This analysis about Sergino Dest first appeared on Total Football Analysis, and was published with permission. All images in this article are property of Total Football Analysis.
Barcelona have managed to beat Bayern Munich to the signing of America’s next big thing, Sergino Dest. The 19-year-old full-back joins the Catalans after the departure of Nélson Semedo who made the switch to the Premier League.
The right-back position has been a huge area of concern for the Blaugrana and this signing should finally bring more balance to the squad and potentially solve a problem that persisted since the departure of Dani Alves.
This tactical analysis will give you a scout report on Sergino Dest and tell you how exactly can the youngster fit Barcelona’s tactics for 2020/21 and beyond. The analysis will dissect the player profile of Sergino Dest and see whether it’s compatible with Ronald Koeman’s vision of the Catalan giants.
The role of full-backs in Koeman’s Barcelona
Before actually starting the analysis on Dest’s best qualities and how they translate to Barcelona, we first have to establish what exactly is expected of a full-back at the club. Generally, the Catalans love their full-backs to act more as wing-backs – focused on the offensive and bombarding the final third with runs and/ or passes.
With that in mind, and regardless of the formation used, all of their targets and potential arrivals have to be competent on the ball and aggressive in their approach. However, with the arrival of Koeman, Barcelona have moved on from their traditional 4-3-3 and have adopted his favourite 4-2-3-1 system.
How does that exactly affect the full-backs? The emphasis will still be for them to push forward and attack, only this time, the width may exclusively be provided by them on that right side. Below, we can see Koeman’s preferred lineup so far in his tenure and the roles he expects the players to fulfil.
Note, however, that we are now focusing on the attacking phase of play. The 4-2-3-1 that Koeman prefers focuses mostly on inverted wingers, hence the need for attacking full-backs who provide width. Antoine Griezmann and Ansu Fati have been deployed on either side of the pitch so far and while the latter can provide the width and cut inside, the former is mostly occupying the half-space or the central areas.
Even if Koeman went with Francisco Trincão, the result would be mostly the same – the Portuguese gem likes to cut inside to the left as well, leaving the flank mostly unmanned. This is where the full-back comes in. The core principles they have to abide by in a 4-2-3-1 are supporting the build-up and the attacking phase, inverting when necessary to aid the double-pivot/ single metronome, offer support to the wingers and be able to overlap/ underlap when necessary.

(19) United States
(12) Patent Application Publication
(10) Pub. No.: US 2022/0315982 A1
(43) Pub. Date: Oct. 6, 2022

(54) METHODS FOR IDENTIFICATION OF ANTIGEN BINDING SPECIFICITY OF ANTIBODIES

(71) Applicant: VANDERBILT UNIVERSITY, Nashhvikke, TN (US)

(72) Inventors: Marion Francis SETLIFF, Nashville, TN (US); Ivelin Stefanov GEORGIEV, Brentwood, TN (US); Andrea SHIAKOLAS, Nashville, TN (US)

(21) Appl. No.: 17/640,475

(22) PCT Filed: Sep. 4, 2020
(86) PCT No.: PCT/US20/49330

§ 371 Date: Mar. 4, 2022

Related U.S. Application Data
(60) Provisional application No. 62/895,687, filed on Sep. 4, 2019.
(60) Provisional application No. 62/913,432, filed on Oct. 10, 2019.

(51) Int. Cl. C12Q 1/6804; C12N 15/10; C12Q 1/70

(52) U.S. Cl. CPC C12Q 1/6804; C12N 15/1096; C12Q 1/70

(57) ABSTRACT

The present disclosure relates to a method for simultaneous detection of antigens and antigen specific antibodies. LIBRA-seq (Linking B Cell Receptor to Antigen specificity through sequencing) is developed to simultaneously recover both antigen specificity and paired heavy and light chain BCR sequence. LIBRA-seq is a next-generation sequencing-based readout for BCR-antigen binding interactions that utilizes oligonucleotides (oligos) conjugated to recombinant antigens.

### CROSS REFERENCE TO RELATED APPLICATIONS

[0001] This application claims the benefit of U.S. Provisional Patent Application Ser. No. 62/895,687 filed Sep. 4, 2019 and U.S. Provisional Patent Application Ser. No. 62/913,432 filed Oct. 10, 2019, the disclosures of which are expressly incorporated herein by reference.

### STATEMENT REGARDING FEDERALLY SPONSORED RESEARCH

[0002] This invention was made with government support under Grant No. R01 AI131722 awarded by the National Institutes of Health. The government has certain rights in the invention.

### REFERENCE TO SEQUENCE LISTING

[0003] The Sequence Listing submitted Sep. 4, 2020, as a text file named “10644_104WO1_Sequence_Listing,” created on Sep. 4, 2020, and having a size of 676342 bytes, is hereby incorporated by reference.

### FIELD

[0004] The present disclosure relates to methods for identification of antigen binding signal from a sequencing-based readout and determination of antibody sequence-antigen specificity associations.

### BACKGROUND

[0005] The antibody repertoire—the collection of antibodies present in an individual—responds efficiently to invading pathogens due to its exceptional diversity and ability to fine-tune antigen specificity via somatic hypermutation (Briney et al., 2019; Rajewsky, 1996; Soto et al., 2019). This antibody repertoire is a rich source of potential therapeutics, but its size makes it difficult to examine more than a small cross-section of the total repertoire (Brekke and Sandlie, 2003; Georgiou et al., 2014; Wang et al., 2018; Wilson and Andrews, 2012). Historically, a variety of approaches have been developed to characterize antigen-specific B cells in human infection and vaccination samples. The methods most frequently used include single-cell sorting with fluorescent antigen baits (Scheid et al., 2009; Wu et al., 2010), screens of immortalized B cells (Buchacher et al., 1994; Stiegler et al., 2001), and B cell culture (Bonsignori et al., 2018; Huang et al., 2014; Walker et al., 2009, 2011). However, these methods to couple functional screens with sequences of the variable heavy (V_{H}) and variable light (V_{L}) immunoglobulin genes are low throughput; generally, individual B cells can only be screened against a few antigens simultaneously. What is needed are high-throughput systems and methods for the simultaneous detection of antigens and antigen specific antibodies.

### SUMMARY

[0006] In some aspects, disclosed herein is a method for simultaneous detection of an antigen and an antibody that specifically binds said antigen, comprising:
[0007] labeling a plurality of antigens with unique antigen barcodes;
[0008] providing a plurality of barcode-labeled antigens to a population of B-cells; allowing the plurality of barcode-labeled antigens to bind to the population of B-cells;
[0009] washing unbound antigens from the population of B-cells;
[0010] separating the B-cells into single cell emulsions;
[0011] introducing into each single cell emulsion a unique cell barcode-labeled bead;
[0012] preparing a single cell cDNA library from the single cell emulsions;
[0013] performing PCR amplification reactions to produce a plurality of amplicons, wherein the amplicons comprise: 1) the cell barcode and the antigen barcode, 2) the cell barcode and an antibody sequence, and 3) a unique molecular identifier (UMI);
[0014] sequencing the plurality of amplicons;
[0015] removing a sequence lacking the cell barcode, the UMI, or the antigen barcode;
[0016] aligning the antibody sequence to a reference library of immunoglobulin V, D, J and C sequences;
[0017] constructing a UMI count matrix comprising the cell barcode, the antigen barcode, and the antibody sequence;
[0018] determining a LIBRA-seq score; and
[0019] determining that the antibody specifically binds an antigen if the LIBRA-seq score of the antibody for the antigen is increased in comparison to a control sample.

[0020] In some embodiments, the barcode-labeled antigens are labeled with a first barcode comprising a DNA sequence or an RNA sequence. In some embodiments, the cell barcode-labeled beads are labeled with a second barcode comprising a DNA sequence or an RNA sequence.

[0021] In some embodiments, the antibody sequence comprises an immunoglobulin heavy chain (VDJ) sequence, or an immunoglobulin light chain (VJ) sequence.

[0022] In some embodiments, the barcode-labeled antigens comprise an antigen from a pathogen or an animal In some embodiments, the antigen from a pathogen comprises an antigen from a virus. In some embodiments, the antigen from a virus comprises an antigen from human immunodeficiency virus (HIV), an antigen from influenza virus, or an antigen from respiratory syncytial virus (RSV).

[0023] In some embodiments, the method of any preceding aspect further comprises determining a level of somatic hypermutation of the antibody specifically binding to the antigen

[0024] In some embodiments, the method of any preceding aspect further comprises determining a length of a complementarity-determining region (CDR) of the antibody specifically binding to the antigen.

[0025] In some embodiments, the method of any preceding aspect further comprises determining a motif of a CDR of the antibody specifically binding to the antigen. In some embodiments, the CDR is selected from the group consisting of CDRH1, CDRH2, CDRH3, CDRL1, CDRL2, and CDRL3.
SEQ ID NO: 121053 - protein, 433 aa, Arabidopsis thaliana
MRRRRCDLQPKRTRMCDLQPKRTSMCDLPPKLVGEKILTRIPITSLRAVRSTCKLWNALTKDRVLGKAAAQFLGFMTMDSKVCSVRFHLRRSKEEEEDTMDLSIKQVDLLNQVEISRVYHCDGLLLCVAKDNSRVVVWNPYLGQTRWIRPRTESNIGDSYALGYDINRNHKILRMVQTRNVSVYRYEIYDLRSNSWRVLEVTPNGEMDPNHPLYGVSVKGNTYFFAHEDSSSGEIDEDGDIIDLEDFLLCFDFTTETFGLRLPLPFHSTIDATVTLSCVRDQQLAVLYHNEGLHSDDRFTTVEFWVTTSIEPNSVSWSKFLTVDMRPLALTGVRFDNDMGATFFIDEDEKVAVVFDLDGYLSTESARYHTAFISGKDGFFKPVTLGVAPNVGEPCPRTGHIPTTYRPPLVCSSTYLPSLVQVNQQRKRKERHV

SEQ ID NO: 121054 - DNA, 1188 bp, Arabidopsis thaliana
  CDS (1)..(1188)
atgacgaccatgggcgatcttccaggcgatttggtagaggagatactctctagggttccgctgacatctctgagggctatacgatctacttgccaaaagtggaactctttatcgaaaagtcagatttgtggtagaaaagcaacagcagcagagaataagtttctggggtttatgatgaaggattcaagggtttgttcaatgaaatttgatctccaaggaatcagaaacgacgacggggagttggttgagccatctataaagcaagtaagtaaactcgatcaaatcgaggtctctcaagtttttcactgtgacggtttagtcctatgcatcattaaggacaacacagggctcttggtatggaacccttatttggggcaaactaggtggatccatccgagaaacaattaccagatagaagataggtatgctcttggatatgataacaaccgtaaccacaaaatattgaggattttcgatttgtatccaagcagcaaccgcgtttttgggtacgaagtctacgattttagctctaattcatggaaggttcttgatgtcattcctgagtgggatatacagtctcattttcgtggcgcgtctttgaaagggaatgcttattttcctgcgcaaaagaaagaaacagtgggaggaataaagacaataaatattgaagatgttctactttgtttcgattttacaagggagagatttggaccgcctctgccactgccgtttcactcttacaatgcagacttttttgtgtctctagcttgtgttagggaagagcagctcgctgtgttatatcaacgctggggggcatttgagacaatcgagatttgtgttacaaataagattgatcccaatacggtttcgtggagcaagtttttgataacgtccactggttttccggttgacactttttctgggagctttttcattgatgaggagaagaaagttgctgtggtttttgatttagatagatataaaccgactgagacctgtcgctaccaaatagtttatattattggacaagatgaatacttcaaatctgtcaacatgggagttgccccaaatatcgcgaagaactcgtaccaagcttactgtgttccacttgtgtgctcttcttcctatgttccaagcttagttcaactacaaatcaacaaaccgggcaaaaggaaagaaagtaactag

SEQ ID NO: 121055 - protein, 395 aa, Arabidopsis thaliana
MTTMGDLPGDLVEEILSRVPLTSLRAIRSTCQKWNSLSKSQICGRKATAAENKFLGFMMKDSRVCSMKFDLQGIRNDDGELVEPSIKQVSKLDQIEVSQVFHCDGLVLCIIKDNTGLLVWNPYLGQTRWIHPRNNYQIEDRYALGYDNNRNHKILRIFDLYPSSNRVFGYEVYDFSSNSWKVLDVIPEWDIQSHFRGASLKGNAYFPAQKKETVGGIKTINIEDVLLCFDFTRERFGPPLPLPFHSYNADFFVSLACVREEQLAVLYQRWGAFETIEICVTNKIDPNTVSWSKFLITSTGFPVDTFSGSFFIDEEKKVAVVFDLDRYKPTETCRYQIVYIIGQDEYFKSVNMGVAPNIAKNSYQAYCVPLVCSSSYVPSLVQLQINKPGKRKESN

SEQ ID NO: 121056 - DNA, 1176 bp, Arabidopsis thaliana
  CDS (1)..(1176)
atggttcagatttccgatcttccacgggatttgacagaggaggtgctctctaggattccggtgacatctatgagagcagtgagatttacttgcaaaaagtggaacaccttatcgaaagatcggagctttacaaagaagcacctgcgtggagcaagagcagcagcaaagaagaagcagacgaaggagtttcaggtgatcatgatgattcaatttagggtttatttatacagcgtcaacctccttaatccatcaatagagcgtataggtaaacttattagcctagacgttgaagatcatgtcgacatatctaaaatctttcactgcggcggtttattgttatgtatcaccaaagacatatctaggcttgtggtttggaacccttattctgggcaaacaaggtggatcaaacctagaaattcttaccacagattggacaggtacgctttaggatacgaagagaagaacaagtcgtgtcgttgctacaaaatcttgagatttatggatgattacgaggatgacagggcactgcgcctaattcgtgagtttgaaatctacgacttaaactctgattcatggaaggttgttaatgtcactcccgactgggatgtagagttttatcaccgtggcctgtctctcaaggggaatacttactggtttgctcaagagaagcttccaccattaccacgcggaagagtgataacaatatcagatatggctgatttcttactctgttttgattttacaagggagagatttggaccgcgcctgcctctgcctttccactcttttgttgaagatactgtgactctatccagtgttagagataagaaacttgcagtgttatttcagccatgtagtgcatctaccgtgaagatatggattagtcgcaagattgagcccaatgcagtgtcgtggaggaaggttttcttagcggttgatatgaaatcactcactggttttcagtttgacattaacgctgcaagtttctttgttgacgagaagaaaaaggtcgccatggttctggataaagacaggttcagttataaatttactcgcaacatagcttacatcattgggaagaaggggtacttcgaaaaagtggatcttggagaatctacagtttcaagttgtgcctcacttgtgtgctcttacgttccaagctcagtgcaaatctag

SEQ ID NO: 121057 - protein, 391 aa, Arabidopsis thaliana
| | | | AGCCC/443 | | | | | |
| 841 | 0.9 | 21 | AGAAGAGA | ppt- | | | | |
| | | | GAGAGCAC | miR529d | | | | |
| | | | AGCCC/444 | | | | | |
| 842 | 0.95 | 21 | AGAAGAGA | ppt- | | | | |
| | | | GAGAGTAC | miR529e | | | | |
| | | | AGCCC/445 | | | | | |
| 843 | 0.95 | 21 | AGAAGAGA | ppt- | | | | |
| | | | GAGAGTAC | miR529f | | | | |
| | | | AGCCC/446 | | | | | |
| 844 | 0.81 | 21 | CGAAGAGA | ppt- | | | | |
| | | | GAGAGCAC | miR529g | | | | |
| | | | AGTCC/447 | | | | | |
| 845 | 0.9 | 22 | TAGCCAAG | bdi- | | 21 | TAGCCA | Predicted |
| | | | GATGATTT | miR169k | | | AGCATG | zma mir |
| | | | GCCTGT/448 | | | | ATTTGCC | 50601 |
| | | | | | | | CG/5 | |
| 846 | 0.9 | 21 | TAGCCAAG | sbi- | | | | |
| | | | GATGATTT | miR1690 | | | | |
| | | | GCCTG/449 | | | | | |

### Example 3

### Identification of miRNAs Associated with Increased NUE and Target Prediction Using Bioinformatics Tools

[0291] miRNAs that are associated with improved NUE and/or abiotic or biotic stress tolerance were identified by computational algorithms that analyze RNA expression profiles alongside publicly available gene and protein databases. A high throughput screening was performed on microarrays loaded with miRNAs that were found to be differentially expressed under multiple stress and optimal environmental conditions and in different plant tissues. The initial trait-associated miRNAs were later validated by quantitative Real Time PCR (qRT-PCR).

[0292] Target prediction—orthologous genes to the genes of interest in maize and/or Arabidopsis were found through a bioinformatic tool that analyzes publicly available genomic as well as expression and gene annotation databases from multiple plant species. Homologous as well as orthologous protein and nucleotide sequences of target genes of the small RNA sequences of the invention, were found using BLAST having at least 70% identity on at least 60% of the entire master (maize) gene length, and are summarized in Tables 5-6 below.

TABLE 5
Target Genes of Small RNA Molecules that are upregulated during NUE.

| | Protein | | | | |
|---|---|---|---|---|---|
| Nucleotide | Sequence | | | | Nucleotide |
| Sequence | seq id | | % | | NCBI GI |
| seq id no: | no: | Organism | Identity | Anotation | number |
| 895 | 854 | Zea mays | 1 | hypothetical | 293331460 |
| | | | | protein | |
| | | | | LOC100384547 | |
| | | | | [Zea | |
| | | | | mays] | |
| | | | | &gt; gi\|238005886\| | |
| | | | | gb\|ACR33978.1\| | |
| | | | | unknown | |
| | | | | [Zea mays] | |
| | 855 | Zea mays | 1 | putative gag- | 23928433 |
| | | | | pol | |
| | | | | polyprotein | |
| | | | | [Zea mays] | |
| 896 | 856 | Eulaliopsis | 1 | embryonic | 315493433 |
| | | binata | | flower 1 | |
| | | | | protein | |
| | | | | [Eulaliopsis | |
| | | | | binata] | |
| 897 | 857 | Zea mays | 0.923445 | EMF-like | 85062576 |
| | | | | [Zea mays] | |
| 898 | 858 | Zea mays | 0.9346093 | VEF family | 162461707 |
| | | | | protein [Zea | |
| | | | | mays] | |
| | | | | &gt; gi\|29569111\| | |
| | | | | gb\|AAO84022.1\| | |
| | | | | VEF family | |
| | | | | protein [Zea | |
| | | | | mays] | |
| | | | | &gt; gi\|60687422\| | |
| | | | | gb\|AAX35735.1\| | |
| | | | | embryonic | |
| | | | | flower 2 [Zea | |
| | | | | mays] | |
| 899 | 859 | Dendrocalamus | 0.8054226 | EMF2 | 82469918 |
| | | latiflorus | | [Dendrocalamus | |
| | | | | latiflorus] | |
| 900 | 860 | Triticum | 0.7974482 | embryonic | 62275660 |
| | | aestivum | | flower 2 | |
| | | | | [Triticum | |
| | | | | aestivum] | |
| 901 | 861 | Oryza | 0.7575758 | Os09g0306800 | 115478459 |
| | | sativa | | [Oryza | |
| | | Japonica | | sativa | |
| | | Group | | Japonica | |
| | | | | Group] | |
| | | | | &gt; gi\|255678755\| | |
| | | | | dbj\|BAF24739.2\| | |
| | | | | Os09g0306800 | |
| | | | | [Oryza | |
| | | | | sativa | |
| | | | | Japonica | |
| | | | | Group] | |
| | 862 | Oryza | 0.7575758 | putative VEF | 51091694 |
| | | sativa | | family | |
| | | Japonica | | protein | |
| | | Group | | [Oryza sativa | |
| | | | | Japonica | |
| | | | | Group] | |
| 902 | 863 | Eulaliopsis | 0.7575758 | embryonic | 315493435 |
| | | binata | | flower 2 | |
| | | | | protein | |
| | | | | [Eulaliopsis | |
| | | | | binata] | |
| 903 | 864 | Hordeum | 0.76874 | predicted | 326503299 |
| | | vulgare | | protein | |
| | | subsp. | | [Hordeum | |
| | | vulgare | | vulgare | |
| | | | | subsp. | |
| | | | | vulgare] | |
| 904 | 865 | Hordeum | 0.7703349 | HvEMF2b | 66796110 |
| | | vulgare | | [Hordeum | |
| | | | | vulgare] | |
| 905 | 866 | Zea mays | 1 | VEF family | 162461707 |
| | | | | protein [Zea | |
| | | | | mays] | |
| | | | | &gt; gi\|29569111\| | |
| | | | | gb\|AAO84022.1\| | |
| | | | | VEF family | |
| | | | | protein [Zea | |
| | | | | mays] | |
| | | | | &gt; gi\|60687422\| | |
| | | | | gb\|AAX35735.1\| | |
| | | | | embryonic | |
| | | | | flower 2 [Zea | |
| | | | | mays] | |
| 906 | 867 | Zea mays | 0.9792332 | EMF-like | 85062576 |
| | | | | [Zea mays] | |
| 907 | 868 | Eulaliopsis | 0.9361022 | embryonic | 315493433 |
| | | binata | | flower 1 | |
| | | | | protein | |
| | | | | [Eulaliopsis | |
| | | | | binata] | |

You can see that relationship in the graphic below which emphasises the relationship the full-back can have with his teammates.
In the build-up phase, the full-back can combine with the goalkeeper, the ball-near midfielder, centre-back and the winger, pushing up to the middle third in an attempt to help progress the ball. This can be done to ensure the midfielders are not overcrowded and that the half-space is always occupied by multiple layered options, which can be seen in the second image where he has joined the middle third when moving up the pitch.
Depending on the type of winger in front, once entering the final third, the full-back can either overlap and charge forward or just ensure numerical superiority is achieved over the defenders out wide.
These are, of course, some of the general principles of the full-back’s role in a 4-2-3-1 formation and judging by Koeman’s system so far and personnel he tends to use, we can start gauging Dest’s role in it as well. But does he have the right skill set to do it effectively? Let’s continue with our tactical analysis and find out.
The attacking full-back
Dest’s best attributes indeed come to light once he starts attacking. The 19-year-old is an incredible ball-progressor and a creative outlet on the flank. By analysing his heatmap and one of Ajax’s pass maps from their Europa League clash with Getafe, both of which can be seen below, we get a better look at Dest’s player profile.
Notice his biggest connections on the pitch, as indicated by the thickness of the arrows. His average positioning was around the middle of the pitch with the most passes played between him and midfielder Ryan Gravenberch, centre-back Perr Schuurs and winger Danilo. These are the three main connections we can expect him to establish at Barcelona as well.
We’ve already concluded that the full-back in Koeman’s system will have to be able to support the build-up with the midfielders and connect with the winger in front, either overlapping/ underlapping or creating superiorities out wide. Both his heatmap and the pass map seem to indicate heavy involvement and a rather high position on the pitch. By all accounts, Dest is certainly a player who spends more time in the opposition’s half than in his own but is also someone who can help stabilise the possession phase in the middle third.
However, it will be his connection with the right-winger that makes or breaks the whole structure on that flank. Assuming both Griezmann and Trincão continue featuring in that position, we can fully expect Dest to be an overlapping full-back and provide the width for Barcelona.
Notice in the above image how this often played out at Ajax and how it might continue at Barcelona. Dest receives the ball in his own half but proceeds to run with the ball until he can connect with the dropping winger. Once the markers have been pulled out of position and space has been created, a simple one-two with his teammate deploys the American into the final third on an overlapping run.